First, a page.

The Giara falls entirely within the definition proposed by W.A. Wimbledon (1995) in which “a geosite can be defined as a location, area or territory in which it is possible to identify a geological or geomorphological interest for conservation”. In fact, the database of The Department Nature Protection of ISPRA classifies the area as a rare geological site of major scientific interest because of its geomorphological, palaeontological and volcanological characteristics.

In addition, the territory of the Giara is itself a container of geosites of scientific/naturalistic interest. Among them, the volcanic emission centers of Sa Zepparedda and Zeppara Manna, volcanic cones whose lava flows formed the basaltic plateau of the Giara; the paulis, which are temporary ponds distributed across the top of the Giara; the waterfall of Su Strumpu; and many wellsprings, which are mainly present near the layer of lava and the Miocene base.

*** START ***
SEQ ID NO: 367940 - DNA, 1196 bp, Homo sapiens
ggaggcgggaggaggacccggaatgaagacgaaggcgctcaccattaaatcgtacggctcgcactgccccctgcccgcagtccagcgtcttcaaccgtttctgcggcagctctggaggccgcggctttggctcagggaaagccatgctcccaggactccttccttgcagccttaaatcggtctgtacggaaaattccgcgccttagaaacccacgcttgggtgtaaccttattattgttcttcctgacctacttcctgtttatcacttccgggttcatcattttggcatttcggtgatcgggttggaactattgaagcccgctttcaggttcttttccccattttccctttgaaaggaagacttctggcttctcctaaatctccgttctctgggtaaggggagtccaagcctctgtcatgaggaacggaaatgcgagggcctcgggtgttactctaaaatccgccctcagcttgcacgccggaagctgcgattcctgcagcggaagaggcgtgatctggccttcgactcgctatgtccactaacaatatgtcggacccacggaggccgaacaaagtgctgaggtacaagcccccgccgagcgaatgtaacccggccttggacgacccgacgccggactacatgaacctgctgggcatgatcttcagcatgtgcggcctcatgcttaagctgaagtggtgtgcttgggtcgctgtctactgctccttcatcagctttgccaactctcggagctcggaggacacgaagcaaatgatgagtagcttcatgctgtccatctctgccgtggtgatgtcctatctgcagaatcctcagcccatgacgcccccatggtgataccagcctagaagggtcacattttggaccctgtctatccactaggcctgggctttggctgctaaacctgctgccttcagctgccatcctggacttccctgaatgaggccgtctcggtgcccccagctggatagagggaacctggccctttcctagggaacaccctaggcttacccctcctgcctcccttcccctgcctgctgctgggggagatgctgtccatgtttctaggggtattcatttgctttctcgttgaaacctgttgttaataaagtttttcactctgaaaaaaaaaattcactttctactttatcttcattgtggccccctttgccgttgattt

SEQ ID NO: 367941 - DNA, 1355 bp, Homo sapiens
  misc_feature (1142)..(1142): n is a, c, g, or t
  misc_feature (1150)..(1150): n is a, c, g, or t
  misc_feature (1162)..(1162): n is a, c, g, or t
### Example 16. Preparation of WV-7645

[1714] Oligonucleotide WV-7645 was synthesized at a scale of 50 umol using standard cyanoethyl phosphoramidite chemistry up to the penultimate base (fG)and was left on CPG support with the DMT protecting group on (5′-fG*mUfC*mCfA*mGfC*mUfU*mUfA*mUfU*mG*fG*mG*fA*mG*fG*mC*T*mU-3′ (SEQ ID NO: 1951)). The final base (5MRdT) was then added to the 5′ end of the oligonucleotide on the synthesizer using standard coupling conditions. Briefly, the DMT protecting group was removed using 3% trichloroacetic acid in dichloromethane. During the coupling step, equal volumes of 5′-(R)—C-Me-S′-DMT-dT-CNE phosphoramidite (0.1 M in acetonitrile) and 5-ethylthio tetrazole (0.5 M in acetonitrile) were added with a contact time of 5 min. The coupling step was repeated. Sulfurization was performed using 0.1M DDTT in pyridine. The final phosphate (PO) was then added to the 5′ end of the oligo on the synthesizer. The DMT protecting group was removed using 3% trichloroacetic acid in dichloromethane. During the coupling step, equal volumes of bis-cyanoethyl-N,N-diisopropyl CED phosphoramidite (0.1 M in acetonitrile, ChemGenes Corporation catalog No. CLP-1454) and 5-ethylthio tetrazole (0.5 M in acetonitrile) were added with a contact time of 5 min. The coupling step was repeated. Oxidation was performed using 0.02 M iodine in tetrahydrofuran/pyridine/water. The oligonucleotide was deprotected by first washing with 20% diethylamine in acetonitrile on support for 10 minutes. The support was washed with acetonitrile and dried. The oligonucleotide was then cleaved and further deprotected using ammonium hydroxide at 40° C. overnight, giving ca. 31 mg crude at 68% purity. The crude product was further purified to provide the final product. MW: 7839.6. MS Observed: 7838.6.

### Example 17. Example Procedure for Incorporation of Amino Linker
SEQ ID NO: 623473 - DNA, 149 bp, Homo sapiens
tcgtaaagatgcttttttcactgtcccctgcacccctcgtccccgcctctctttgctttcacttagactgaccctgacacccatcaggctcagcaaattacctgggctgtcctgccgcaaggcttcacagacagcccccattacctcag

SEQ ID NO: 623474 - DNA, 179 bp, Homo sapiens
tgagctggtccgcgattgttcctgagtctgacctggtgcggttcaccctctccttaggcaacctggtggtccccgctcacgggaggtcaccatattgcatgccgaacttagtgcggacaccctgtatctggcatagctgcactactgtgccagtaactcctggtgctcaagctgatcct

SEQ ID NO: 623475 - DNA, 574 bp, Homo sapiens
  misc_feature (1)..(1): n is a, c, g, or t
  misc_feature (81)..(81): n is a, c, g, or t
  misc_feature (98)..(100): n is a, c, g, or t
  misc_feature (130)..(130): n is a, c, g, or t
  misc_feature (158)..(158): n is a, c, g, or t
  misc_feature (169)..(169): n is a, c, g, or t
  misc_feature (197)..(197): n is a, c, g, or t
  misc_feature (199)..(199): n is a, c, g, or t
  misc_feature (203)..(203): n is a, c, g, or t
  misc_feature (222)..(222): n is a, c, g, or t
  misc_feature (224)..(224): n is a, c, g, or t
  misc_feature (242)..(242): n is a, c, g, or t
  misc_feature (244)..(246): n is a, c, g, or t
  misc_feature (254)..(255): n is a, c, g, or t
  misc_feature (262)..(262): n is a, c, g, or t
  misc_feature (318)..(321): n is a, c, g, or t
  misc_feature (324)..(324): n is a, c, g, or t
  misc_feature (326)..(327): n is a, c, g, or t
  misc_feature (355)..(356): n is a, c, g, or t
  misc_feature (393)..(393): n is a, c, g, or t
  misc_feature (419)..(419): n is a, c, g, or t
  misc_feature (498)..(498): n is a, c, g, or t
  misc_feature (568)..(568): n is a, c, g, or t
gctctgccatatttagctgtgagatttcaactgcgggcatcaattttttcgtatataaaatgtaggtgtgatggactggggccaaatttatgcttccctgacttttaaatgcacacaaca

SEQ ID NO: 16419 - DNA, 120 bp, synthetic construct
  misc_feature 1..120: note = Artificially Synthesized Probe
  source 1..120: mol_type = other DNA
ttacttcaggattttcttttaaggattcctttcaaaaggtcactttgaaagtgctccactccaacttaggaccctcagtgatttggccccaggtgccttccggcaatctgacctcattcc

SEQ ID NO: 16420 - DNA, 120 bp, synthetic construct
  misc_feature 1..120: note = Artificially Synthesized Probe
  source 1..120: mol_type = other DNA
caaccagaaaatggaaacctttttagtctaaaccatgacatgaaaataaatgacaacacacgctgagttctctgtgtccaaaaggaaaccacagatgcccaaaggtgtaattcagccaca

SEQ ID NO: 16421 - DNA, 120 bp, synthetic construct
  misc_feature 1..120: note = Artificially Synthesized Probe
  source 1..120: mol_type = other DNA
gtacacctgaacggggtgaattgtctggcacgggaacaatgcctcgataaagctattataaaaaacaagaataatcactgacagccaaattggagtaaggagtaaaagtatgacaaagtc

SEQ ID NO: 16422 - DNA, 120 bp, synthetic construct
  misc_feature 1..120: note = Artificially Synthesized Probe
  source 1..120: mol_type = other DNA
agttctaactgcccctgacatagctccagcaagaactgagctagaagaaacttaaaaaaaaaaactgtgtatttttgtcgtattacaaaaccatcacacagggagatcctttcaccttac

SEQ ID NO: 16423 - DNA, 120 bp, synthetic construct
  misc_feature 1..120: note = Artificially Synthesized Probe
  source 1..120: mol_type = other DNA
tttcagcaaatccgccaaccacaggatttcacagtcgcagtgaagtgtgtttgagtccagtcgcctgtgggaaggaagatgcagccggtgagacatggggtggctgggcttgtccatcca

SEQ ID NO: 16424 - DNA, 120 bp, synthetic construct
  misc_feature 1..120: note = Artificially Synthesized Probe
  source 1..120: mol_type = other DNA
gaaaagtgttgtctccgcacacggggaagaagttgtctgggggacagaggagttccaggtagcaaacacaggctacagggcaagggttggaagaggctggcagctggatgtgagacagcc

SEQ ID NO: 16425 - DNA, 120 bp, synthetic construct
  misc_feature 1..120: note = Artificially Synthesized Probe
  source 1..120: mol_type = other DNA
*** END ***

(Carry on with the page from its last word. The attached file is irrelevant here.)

You can visit the sites of Duidduru (Genoni) and Manna Muru Genna 'e Cubeddu (Nureci), which still retain the geological history of the area and the history of the beings who have populated it. The rocks and fossils testify to the presence, both million of years ago and today, of an environment containing a large variety of species.

The “Banco a Turritelle" of Genna Manna and the Duidduru fault, which testifies to the tectonic movements that have affected the region, are both worth mentioning.